Am I Brave Enough to Be Disappointed?

I've jumped out of an airplane from 13,000 feet.*

I've camped deep in the woods alone at night.*

I've jumped off cliffs tall enough to kill me if I fell the wrong way.*

I've climbed the pillars of bridges and the sides of buildings so I could sit at the top and swing my legs over the tiny things in the distance below me.*

*While all of the above statements are true and make for great stories and photo-ops and I would like for them to convince people I am brave, each item is simply something I think is fun but requires little to no real bravery.

What some people see as risky, I see as safe. I've thought about the risks, I've assessed the situation, I've calculated my odds--and they're in my favor. Take skydiving, for example. Out of the millions of skydive jumps that take place every year, only 0.0007% end in fatality. I'm more likely to die driving my car. 

Everything I do that seems like it's risky, I do because there's an element of knowing--I know the odds, I know my strengths and my limits, I know how far I'm jumping and what I'm jumping into. For me, there's not a ton of true courage required.

Do you know what I think is way more courageous?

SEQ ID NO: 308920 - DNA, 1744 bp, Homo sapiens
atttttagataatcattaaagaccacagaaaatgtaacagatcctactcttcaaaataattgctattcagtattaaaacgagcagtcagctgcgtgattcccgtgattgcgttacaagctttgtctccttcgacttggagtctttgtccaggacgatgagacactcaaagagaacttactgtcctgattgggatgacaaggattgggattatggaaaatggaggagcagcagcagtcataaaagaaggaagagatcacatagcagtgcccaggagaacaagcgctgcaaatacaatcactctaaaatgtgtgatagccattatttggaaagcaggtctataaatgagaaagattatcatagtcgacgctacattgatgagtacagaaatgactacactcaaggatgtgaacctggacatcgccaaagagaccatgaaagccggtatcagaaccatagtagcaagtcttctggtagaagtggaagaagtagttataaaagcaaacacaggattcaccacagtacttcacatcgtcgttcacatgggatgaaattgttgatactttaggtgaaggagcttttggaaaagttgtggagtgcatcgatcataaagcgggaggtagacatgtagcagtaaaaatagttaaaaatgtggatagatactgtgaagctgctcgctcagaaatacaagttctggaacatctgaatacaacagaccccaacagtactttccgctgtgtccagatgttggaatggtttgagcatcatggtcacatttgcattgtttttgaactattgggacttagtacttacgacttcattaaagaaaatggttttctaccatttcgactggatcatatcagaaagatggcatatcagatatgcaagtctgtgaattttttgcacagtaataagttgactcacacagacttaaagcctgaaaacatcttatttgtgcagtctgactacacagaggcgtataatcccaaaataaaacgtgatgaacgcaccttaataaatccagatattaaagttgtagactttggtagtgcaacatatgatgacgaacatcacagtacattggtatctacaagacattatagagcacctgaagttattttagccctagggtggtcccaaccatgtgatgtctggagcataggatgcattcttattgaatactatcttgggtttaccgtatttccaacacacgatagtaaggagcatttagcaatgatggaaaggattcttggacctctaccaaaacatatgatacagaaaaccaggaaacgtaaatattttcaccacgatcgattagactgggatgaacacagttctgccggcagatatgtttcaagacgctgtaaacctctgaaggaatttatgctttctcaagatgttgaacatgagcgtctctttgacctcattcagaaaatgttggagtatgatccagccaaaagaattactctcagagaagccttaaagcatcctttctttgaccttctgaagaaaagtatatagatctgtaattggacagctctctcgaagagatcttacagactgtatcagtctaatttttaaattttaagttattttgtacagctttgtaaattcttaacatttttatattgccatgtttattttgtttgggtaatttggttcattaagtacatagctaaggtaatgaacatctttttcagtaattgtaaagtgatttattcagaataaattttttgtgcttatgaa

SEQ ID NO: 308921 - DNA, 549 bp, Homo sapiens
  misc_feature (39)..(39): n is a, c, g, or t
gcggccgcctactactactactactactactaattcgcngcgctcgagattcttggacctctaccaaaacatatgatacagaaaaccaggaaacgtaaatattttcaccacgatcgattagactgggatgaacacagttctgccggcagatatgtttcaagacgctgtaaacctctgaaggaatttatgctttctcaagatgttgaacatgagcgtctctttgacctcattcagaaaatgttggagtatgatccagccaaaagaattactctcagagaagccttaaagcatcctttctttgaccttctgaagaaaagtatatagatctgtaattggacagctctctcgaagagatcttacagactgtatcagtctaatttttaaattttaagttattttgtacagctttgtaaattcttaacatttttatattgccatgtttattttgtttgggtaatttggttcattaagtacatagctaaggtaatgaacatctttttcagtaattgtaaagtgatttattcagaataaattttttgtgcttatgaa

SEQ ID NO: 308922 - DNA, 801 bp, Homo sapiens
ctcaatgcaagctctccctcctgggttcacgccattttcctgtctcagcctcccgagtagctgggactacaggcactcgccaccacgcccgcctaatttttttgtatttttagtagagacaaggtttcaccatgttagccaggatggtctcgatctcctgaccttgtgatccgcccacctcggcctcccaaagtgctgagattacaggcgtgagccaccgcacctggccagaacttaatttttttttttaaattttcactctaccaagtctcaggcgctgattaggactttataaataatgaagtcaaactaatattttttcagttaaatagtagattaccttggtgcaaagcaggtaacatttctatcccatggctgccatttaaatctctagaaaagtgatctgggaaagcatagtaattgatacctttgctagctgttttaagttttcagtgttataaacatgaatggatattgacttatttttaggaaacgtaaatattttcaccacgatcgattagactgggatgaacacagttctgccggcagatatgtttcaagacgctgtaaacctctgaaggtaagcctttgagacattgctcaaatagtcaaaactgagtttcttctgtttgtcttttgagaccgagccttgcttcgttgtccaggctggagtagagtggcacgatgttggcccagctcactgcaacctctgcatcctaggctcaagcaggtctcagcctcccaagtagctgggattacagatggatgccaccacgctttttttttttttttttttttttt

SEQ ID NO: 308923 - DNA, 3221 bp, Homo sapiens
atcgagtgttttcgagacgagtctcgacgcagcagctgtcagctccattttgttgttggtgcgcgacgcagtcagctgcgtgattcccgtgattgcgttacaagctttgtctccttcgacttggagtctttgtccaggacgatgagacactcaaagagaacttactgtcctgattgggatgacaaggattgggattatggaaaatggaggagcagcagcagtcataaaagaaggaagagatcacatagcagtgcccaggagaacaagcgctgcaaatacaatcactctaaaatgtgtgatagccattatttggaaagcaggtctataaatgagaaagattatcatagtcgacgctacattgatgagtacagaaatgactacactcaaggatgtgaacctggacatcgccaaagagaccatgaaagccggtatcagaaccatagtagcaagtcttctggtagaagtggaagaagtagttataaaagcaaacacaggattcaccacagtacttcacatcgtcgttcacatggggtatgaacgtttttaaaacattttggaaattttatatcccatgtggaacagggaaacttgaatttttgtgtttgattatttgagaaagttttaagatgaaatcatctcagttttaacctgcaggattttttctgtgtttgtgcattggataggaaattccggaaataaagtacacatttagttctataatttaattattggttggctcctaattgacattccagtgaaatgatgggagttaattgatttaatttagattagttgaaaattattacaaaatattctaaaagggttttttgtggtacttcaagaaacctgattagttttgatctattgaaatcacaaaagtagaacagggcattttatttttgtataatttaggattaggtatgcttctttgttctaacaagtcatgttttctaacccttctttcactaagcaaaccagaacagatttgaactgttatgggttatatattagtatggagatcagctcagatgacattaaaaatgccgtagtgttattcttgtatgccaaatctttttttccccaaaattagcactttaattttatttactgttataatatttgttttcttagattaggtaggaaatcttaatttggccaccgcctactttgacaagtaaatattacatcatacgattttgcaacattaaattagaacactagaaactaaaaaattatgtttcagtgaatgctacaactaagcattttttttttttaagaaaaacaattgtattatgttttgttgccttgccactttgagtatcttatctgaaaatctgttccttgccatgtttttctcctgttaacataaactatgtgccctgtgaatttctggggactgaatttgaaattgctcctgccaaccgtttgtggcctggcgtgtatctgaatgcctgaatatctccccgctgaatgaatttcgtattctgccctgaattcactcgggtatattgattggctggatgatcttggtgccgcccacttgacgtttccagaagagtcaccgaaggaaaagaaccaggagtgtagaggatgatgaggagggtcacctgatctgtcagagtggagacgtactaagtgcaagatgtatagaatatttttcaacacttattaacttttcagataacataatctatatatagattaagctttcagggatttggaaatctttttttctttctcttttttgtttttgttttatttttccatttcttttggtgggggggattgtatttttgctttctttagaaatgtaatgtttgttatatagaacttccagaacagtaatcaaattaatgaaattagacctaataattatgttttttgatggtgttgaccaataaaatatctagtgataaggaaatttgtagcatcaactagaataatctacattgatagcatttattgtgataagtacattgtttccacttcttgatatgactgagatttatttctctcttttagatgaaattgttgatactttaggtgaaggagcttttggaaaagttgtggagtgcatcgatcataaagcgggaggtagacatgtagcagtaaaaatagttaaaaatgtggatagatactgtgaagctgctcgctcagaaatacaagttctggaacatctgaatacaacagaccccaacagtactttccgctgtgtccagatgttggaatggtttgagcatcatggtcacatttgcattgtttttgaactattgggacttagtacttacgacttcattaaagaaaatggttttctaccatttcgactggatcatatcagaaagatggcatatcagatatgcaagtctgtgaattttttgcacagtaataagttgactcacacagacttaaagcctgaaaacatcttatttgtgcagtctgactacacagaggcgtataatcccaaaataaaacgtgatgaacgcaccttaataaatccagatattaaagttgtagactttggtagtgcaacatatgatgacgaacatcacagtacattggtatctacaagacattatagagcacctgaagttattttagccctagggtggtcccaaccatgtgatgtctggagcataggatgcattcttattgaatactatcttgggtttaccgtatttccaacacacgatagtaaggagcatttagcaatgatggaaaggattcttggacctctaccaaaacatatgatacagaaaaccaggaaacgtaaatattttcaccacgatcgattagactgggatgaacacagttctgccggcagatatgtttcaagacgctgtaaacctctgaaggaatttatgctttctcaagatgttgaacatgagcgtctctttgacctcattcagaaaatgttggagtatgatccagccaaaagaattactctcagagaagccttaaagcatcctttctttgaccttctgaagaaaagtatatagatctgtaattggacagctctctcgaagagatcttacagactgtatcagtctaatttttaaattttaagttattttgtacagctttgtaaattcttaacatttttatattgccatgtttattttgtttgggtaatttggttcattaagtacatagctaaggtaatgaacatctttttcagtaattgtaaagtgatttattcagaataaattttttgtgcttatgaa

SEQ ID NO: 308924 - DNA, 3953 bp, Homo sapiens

Any of my friends who have a kid. To bring someone into the world and not know what they'll be like, what they'll go through, what will happen to them: that's brave.

Or any of my friends who are trying to have a kid. To hope and pray for a child and not know if or when it will happen: that's brave.

Any of my friends who marry someone. To lock arms with this person with no way to predict or control what they might have to face down the road: that's brave.

Any of my friends who start a business or make a huge career move. To put it all on the line, to potentially fail, to have to start over: that's brave.

And anyone who's done any of the above and has been knocked down or punched in the mouth and decides to keep hoping, keep dreaming, keep fighting. That's pretty brave.

So many people in my life are so much braver than they give themselves credit for. It's the thrill-seeking outdoors-y people who get all the glory for being brave. We're not that brave. Or at least I'm not, in my opinion.

There's a special type of courage needed for the big things in life. To hope, to dream, to love--to do any of these means to surrender some control, to step into the unknown, to lay bare some part of yourself you'd rather layer with armor.

Being brave enough to walk foot-over-foot on the top beam of a bridge with a river far below doesn't win me anything real in life. It's just fun. It makes me smile, so I do it.

There are a few questions that have been haunting me, questions I think will probably matter more than wondering if I'm brave enough to climb something I know I can climb. If I care to dream about anything that matters, hope for anything that matters, love anything that matters...I have to work up the courage and find a way to say yes to these questions at some point:

Am I brave enough for rejection?

Am I brave enough to be let down?

Am I brave enough to be disappointed?


feature photo ©2015 Dennis Archer